Were not surprised. No matter your position on Metro's budget priorities, it's hard not to drool at the prospect of instant rail transportation from any corner of L.A. County to another.
Click to enlarge:
Parada reportedly based the fantasy draft on the London Tube, down to the $23 font he bought to replicate the text on the London Underground map.
And, well — it was worth it! This fake L.A. subway map may be the hottest piece of transit porn ever to circulate the Internet.
Makes you wonder, too. Could a public-transportation utopia like Parada's ever exist in Los Angeles?
In an L.A. Times profile circa 2007 (when the map first blew up), Parada said: “While I don't sincerely think a system like this is realistic to build, I think it can give hope.”
L.A. Mayor Antonio Villaraigosa has displayed similar hope, frequently travelling to Washington to beg for transportation grants and tell anyone who'll listen (or won't) about his plan to build a “Subway to the Sea.”
But rail is astoundingly expensive — especially compared to the amount it would cost to bolster L.A.'s crumbling bus system. Critics often bash the L.A. Metropolitan Transit Authority for repeatedly cutting bus lines to throw billions more at trendy pipe dreams for a full subway in Los Angeles. (The Bus Riders Union has even gone so far as to say Metro's rail favoritism is racist.)
The biggest obstacle here is the sheer size of Los Angeles County. Genevieve Giuliano, a professor at the USC School of Policy, Planning and Development, told the Times:
“Instead of trying to overlay 19th century rail technology on a 21st century city, we should be reinventing the bus system, providing exclusive lanes for buses in places where we need the capacity to move people. That's a whole lot cheaper than building billions of dollars of rail.”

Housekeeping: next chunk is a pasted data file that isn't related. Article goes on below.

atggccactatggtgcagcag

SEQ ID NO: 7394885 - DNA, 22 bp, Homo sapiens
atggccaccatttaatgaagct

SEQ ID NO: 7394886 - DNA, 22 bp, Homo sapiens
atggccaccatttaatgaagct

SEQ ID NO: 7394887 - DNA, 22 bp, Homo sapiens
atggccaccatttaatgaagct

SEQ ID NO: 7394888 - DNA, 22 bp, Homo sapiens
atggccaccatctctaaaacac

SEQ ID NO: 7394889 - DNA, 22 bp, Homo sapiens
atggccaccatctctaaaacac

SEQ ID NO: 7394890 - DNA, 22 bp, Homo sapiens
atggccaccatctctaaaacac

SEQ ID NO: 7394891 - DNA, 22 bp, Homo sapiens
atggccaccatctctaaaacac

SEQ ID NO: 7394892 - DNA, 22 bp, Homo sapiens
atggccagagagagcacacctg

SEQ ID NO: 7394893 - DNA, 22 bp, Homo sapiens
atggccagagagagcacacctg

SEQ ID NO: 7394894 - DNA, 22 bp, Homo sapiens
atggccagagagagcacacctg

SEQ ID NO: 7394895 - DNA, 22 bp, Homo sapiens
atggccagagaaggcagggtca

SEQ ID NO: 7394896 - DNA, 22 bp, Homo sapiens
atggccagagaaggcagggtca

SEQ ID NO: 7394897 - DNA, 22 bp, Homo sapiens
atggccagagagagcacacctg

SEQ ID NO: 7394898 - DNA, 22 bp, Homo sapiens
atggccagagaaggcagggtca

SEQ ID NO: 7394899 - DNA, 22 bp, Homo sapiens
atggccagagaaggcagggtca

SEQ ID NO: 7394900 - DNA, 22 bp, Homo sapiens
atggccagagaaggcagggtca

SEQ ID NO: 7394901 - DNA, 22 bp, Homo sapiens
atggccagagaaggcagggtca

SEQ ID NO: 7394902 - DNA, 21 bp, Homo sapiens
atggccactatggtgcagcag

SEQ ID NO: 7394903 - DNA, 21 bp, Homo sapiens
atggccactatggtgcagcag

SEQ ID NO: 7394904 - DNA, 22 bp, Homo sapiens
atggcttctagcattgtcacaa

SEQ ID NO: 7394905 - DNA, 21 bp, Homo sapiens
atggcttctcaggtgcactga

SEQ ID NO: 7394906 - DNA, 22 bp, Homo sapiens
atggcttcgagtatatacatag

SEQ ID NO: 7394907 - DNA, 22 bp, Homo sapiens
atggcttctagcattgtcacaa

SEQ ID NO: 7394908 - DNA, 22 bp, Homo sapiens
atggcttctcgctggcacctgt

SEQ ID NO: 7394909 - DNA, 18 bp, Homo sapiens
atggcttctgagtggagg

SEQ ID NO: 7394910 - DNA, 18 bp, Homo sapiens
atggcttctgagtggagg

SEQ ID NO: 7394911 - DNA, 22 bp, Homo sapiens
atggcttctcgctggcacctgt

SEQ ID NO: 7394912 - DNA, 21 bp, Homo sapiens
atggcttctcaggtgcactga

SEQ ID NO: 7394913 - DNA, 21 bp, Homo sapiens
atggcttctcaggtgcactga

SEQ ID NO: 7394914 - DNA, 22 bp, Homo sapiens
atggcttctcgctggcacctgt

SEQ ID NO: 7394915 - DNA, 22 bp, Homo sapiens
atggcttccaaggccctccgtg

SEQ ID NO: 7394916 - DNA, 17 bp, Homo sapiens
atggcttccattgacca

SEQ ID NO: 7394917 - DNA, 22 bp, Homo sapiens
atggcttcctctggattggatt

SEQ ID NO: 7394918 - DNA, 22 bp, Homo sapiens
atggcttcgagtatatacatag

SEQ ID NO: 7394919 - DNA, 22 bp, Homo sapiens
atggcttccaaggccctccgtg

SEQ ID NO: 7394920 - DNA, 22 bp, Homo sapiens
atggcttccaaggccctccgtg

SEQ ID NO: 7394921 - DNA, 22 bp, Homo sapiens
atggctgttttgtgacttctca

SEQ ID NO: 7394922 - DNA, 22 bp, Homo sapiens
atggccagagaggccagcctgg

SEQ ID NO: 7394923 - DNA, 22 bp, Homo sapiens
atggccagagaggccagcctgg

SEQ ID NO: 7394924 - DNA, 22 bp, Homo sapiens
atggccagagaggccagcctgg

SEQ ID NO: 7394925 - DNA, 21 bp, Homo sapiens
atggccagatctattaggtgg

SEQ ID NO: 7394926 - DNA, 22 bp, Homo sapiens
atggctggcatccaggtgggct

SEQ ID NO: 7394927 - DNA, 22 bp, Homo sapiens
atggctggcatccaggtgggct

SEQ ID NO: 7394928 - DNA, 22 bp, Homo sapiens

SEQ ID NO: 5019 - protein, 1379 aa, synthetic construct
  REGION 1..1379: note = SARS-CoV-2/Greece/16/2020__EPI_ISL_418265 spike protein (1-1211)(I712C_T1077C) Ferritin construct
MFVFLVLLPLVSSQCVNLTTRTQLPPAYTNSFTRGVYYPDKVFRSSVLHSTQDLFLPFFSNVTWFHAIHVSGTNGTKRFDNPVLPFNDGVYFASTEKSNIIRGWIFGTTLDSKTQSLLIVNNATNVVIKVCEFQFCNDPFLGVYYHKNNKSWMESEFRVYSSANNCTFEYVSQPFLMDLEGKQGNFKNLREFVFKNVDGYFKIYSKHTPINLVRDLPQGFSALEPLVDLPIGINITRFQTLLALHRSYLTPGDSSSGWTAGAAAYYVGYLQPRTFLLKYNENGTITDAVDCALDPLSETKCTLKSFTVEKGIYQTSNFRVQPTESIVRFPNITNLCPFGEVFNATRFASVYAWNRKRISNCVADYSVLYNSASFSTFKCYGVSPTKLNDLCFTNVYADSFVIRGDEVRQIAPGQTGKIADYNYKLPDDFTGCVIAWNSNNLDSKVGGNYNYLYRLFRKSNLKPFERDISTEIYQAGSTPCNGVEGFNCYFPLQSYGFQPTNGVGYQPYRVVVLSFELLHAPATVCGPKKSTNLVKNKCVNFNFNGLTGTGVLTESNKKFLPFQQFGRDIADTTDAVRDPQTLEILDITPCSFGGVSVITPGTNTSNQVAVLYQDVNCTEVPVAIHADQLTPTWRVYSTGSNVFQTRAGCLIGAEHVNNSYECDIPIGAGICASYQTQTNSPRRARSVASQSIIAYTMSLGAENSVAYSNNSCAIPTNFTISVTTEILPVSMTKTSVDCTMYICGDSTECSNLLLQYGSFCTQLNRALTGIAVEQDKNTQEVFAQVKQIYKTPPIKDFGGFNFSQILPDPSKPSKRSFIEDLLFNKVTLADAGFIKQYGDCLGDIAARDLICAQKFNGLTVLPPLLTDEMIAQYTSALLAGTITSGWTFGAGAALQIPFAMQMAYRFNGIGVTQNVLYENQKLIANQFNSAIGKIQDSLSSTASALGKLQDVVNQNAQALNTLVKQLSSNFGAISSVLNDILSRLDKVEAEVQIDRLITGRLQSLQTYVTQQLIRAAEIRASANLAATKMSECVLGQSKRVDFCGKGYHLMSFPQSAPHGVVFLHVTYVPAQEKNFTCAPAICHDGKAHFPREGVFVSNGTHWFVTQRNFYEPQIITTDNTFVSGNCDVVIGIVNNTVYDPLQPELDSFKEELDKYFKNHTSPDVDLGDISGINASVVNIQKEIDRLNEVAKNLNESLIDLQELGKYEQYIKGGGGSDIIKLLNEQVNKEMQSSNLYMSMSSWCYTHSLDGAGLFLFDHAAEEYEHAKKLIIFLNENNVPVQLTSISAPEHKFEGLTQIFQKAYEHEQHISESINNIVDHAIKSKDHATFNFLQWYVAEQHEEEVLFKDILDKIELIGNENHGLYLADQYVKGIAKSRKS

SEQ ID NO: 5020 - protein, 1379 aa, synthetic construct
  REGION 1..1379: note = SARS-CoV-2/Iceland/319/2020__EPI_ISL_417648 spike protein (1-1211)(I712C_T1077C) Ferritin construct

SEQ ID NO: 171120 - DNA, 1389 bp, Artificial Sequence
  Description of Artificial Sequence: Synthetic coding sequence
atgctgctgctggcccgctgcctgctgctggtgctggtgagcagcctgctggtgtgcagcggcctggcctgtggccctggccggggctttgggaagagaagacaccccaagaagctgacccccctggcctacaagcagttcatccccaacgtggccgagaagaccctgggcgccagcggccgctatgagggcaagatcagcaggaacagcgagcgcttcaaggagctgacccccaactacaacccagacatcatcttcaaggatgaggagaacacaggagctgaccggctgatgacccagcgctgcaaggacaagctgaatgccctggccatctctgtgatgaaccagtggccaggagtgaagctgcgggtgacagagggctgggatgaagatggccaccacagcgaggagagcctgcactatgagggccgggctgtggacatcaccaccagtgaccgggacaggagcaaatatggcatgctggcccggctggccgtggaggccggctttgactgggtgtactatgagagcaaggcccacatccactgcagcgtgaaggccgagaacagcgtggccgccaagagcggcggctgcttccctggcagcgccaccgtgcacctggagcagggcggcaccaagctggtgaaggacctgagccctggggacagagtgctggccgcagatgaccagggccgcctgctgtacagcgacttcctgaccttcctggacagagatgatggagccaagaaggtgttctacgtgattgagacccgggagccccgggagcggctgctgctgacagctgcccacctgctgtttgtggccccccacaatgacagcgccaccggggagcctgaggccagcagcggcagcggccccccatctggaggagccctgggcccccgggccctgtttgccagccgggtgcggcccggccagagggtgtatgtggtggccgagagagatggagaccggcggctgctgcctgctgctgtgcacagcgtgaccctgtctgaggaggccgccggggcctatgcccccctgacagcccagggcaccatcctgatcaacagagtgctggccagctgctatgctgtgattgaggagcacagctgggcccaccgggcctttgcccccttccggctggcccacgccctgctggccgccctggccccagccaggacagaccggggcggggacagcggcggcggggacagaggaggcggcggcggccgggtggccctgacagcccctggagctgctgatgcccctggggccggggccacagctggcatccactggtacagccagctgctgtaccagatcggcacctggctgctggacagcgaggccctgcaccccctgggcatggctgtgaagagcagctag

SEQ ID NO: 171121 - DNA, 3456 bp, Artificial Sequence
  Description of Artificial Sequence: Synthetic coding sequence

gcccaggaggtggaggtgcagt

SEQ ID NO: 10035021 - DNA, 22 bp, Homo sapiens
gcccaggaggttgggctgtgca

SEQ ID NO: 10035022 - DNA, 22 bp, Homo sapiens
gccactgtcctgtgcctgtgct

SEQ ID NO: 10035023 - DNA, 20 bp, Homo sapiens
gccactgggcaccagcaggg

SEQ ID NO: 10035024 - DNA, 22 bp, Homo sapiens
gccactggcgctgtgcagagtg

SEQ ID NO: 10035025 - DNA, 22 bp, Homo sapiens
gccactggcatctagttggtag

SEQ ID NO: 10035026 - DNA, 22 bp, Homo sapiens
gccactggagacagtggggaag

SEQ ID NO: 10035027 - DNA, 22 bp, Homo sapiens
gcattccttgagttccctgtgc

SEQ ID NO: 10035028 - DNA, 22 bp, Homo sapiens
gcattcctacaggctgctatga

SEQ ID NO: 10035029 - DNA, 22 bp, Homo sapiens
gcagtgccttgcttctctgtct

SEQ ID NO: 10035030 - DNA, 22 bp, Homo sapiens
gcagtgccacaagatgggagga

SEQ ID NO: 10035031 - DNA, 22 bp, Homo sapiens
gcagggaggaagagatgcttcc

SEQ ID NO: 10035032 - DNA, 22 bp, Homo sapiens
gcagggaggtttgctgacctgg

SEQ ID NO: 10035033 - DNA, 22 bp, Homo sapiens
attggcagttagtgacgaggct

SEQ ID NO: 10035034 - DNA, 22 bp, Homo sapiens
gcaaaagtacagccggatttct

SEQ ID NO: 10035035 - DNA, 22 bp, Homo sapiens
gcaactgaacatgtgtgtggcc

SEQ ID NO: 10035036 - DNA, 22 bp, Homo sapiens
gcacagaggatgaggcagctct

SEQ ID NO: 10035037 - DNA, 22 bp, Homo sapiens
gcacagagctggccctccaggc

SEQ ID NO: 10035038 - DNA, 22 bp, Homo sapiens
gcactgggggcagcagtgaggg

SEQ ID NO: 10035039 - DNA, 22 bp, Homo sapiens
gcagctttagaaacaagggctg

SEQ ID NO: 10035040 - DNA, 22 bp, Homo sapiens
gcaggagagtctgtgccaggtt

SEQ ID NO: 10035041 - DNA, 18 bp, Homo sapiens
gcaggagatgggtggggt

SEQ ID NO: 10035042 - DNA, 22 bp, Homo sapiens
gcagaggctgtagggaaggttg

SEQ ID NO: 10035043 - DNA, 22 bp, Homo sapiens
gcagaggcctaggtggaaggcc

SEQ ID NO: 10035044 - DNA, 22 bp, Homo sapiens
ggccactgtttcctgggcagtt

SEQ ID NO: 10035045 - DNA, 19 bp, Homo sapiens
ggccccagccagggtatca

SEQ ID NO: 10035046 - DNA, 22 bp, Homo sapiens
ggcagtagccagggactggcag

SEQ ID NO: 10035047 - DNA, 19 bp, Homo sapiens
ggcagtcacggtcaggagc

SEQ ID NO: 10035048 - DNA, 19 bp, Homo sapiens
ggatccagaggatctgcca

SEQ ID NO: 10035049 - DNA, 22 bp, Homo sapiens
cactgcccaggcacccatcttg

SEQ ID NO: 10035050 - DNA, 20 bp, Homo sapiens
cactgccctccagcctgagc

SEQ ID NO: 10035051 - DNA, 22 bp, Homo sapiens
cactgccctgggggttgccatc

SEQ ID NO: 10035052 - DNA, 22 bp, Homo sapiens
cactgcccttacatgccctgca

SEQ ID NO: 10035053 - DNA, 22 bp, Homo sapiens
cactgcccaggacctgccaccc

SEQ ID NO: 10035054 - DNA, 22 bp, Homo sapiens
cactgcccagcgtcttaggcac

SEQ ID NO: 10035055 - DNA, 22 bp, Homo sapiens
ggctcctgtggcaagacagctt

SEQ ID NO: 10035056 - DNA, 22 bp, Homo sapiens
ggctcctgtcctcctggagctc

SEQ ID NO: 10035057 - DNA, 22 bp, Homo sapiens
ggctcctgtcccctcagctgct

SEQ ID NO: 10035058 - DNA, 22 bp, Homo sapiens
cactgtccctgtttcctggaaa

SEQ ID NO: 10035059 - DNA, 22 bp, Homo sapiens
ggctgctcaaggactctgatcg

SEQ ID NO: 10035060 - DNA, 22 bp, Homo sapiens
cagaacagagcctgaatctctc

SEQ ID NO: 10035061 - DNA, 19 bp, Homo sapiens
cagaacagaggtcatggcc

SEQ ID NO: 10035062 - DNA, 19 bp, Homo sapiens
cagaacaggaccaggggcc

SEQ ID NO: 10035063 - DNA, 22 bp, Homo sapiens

Also, because the county has already been so densified around a crap traffic system — ever-widening roads that, no matter how wide, could never accomodate the hordes of vehicles that need them — it's hard to convince residents, businesses, schools, etc. to scoot over for a noisy/messy subway line.
Case in point: The battle currently raging between Metro and the City of Beverly Hills. Predictably, the latter doesn't want some dirty train car running through, shuttling downtown scum onto its prestigious shopping grounds.
Metro will end up spending millions just fighting the Beverly Hills lawsuits — and that's on top of the $9 billion or so it would take to expand the Purple Line westward, should Metro come out of the community battle alive.
Still, it's fun to dream.
UP NEXT: Compare L.A.'s actual subway map with Parada's fantasy. That is, if you're brave enough to weather the white space.
… and here's reality.
Told you it was depressing.